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A small population of Chinese Giant Salamander found in Guangxi province

By on July 24, 2013 in EDGE Fellows, EDGE Updates, News

Following Lv Jingcai’s recent blog about the Chinese giant salamander EDGE fellow Yan Fang has written a quick update from the project in China.

In order to devise credible and appropriate conservation and management strategies for endangered species, we focus on the population genetics of Chinese Giant Salamander (CGS). We would like to use the mitochondrial and microsatellite makers to estimate the genetic diversity and population structure of this species.

In 2000, Murphy et al. distinguished one population from Huangshan is distinctive with others. Here one population from Guangxi province is detected to be more special. The genetic distance between this population and other populations is more than 3%. However, the divergence within this population is very limited. This kind of small population is at risk of going extinct because of demographic stochasticity and genetic drift. So the population in Guangxi is needed priority protection.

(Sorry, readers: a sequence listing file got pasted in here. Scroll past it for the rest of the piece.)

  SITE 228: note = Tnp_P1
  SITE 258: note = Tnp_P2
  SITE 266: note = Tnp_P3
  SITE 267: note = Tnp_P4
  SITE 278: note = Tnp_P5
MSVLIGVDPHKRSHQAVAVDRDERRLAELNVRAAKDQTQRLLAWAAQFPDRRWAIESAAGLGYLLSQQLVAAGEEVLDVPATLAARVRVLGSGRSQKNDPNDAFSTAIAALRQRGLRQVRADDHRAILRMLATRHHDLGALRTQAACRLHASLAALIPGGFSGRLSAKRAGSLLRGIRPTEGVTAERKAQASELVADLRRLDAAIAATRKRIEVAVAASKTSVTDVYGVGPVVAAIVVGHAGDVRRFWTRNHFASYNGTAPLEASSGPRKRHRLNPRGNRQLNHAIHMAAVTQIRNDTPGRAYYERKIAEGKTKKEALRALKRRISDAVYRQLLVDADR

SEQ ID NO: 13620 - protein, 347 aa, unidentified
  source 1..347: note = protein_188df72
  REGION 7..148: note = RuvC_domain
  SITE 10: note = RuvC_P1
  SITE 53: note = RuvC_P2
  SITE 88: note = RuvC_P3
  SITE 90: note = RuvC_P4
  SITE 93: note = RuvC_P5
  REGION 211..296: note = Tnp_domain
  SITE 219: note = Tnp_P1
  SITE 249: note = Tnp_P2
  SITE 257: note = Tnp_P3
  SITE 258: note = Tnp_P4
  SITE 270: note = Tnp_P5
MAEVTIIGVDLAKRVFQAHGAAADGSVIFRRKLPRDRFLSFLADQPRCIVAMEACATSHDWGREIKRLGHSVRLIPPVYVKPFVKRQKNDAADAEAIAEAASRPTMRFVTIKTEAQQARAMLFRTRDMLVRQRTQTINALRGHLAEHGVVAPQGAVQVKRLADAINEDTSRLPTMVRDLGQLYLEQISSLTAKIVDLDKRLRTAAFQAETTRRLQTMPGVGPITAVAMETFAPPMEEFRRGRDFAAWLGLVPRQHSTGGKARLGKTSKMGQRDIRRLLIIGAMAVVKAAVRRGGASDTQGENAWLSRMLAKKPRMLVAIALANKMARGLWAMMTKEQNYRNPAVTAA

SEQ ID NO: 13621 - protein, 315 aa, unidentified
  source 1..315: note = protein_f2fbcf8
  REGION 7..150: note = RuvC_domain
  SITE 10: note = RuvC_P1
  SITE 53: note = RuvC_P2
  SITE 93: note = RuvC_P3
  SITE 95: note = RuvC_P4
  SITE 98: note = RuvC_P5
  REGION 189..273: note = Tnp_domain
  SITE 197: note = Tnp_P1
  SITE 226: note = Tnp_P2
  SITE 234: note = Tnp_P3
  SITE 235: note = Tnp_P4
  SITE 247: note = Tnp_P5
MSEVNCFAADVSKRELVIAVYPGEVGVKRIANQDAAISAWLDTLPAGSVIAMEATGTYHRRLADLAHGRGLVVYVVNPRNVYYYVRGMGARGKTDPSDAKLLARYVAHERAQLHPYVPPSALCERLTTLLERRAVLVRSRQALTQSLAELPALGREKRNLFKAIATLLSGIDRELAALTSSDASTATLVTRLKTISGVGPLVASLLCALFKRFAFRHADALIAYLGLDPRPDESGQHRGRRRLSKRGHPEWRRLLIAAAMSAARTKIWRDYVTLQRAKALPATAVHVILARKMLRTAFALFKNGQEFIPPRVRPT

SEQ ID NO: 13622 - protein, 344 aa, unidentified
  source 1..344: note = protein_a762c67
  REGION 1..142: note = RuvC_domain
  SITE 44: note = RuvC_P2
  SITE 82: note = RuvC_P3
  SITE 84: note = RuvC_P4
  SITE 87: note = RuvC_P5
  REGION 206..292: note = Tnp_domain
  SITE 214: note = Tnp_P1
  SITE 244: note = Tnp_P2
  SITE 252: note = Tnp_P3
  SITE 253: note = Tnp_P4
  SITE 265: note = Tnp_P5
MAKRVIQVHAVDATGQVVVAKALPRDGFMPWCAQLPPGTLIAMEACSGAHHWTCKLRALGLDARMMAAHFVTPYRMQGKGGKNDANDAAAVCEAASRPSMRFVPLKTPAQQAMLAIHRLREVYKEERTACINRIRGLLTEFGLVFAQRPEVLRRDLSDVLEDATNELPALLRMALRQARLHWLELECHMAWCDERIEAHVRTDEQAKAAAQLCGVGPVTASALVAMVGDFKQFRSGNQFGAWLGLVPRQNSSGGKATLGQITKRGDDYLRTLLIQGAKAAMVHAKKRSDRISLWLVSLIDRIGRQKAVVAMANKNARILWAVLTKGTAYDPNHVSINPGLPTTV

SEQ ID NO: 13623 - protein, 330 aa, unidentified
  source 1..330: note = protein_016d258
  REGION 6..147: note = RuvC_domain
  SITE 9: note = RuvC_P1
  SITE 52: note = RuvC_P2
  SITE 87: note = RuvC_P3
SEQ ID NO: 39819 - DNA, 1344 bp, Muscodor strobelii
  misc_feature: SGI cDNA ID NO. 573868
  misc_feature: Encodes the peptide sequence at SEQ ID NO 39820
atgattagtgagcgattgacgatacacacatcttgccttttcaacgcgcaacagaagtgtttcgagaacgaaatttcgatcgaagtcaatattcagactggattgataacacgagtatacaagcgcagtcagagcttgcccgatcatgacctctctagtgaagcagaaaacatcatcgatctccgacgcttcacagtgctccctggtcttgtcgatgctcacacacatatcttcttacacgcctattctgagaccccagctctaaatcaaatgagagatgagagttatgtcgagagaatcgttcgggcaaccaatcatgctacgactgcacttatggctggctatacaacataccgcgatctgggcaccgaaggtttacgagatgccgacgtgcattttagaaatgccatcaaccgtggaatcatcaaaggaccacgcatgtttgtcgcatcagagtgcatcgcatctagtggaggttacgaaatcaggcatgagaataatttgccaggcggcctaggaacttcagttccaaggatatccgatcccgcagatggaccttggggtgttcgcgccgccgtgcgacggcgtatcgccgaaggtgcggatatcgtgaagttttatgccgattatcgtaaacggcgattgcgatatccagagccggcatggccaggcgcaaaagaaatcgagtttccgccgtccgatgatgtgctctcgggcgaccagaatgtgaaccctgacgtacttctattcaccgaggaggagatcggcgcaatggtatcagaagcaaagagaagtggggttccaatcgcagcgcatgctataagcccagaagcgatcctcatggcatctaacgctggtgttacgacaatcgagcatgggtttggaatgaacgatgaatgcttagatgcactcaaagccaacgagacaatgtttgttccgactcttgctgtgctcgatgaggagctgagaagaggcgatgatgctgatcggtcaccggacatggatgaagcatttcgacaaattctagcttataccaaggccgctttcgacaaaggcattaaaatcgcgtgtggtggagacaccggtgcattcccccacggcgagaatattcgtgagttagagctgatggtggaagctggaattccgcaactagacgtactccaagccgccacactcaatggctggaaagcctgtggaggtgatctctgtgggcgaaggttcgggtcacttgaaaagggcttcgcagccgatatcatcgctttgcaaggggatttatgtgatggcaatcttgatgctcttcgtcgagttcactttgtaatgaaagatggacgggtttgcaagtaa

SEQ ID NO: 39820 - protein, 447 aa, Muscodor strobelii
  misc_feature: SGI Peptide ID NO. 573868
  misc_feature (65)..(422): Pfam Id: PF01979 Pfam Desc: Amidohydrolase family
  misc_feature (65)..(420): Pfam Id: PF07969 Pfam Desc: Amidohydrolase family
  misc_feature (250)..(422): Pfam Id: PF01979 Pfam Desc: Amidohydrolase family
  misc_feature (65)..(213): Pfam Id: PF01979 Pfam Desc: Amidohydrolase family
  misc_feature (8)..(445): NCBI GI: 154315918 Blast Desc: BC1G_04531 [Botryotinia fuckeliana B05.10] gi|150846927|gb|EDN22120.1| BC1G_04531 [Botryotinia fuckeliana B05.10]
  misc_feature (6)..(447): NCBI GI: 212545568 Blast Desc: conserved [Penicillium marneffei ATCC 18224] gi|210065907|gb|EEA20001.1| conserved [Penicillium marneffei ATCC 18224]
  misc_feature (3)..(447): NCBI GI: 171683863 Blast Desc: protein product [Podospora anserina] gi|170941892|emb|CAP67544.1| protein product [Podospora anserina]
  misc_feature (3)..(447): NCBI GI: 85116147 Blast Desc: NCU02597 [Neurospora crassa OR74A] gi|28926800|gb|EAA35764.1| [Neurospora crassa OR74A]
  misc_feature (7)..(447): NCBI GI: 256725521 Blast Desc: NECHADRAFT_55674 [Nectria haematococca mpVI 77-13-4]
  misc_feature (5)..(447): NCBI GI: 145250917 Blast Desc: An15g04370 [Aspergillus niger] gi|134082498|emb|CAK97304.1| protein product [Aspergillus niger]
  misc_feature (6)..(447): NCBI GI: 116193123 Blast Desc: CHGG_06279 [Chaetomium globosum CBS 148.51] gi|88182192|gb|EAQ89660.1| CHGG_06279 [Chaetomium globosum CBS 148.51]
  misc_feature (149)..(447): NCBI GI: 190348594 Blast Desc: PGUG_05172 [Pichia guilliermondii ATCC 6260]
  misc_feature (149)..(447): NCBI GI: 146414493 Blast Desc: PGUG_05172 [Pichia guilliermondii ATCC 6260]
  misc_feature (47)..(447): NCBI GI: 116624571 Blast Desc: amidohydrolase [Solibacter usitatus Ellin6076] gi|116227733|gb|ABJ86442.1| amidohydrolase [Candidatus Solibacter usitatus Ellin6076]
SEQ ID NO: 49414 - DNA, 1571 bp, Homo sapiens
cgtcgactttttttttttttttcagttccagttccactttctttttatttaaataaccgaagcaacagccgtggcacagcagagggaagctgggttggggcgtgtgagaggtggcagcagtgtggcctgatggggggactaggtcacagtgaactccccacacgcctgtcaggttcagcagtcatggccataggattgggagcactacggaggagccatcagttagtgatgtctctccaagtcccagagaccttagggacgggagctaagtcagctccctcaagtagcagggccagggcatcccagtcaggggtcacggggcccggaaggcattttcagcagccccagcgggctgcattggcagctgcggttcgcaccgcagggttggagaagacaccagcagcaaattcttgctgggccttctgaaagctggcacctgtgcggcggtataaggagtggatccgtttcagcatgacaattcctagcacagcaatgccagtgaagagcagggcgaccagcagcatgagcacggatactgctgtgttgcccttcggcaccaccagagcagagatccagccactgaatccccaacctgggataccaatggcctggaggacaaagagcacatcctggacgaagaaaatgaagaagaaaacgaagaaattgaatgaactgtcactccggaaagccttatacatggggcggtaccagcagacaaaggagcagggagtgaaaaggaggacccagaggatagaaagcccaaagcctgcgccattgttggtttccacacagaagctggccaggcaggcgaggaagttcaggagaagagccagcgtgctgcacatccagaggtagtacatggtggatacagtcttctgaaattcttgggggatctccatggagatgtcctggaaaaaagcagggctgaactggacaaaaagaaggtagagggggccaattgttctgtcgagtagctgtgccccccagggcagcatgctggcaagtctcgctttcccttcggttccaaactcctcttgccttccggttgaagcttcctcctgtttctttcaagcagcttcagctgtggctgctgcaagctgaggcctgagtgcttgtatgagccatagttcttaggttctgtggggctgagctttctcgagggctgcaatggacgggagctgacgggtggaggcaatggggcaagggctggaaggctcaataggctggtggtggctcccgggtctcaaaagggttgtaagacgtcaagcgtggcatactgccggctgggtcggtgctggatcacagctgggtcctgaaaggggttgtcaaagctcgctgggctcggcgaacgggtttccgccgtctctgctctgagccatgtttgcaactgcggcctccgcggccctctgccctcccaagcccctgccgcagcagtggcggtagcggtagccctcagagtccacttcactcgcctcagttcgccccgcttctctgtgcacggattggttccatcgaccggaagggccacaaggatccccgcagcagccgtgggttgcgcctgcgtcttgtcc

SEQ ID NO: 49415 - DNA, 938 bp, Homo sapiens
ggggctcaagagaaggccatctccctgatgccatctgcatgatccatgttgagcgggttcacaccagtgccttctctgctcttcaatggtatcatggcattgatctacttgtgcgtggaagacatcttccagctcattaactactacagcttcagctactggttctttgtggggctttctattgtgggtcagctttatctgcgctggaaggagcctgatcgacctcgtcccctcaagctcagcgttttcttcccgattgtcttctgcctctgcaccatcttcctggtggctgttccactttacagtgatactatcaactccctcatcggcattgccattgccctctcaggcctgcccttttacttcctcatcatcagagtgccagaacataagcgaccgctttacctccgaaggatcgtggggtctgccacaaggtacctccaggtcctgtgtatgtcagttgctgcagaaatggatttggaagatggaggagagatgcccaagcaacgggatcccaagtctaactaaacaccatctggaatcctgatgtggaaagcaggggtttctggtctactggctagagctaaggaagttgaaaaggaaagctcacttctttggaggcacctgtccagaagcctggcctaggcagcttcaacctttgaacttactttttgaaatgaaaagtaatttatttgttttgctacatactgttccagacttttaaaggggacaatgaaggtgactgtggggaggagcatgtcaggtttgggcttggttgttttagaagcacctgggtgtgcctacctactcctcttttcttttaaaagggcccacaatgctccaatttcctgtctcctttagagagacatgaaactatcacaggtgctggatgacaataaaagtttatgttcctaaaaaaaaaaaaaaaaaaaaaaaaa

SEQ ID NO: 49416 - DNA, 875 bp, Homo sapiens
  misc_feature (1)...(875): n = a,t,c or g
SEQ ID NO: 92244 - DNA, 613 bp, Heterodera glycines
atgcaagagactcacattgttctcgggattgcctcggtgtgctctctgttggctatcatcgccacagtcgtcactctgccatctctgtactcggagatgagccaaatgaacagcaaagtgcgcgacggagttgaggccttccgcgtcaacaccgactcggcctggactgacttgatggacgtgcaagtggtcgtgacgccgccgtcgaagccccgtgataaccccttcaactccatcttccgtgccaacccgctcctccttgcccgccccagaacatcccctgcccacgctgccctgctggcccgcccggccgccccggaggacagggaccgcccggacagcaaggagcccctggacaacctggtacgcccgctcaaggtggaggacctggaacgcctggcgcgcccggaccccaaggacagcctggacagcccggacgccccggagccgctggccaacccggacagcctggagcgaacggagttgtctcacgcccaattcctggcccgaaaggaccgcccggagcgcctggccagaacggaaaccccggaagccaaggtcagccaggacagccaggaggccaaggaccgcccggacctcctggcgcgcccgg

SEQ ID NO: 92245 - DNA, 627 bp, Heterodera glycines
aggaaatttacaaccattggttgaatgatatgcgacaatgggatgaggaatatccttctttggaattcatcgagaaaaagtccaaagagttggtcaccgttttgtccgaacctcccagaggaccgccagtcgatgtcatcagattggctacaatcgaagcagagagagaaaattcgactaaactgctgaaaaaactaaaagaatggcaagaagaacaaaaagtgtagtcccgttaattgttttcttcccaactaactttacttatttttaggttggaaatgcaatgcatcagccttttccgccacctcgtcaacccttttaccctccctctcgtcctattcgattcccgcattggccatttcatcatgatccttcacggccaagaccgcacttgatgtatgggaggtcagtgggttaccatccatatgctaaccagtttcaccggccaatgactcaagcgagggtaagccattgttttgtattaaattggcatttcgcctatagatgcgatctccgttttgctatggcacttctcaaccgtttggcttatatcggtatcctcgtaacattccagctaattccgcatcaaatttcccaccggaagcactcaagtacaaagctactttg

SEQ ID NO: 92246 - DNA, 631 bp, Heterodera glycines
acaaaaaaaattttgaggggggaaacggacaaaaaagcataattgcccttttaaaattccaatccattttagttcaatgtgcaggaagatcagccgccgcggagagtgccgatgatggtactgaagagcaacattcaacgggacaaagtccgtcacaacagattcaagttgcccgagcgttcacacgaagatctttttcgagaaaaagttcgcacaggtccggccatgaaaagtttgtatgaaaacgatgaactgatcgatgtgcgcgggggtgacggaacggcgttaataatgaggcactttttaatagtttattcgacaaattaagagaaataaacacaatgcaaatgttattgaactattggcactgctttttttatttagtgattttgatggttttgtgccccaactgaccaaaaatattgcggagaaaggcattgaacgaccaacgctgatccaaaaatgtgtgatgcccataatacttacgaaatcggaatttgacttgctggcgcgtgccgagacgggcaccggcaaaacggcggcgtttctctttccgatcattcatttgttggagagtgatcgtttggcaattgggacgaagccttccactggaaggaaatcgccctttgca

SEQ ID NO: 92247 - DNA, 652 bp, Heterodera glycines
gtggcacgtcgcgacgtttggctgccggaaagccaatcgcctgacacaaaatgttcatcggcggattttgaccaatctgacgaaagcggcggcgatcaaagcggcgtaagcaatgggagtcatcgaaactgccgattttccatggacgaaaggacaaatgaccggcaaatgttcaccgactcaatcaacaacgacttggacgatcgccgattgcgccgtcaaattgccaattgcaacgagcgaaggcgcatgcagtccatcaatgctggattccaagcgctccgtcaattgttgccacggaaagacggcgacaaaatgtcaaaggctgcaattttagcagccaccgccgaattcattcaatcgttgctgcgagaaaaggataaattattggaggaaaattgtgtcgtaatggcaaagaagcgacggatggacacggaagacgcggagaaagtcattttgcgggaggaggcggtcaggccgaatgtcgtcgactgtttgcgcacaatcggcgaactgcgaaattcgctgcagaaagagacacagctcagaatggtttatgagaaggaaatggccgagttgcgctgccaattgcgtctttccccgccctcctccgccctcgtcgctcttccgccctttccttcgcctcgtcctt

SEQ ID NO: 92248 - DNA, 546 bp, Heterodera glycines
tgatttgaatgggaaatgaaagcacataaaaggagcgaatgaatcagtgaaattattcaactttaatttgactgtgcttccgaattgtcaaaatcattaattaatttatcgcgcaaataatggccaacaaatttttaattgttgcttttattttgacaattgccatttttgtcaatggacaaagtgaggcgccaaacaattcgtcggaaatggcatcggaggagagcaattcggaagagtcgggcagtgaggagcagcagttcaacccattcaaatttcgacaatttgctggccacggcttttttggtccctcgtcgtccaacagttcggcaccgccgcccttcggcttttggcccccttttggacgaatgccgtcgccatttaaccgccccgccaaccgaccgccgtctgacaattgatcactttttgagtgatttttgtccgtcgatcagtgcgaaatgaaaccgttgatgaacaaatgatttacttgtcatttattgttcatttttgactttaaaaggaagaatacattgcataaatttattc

Local people said that CGS once lived in a big river. But now they are bred by local people separately. This human captive breeding could disturb the natural gene flow and cause the inbreeding. We hope our further genetic research could be used as a proof to correct this human activity.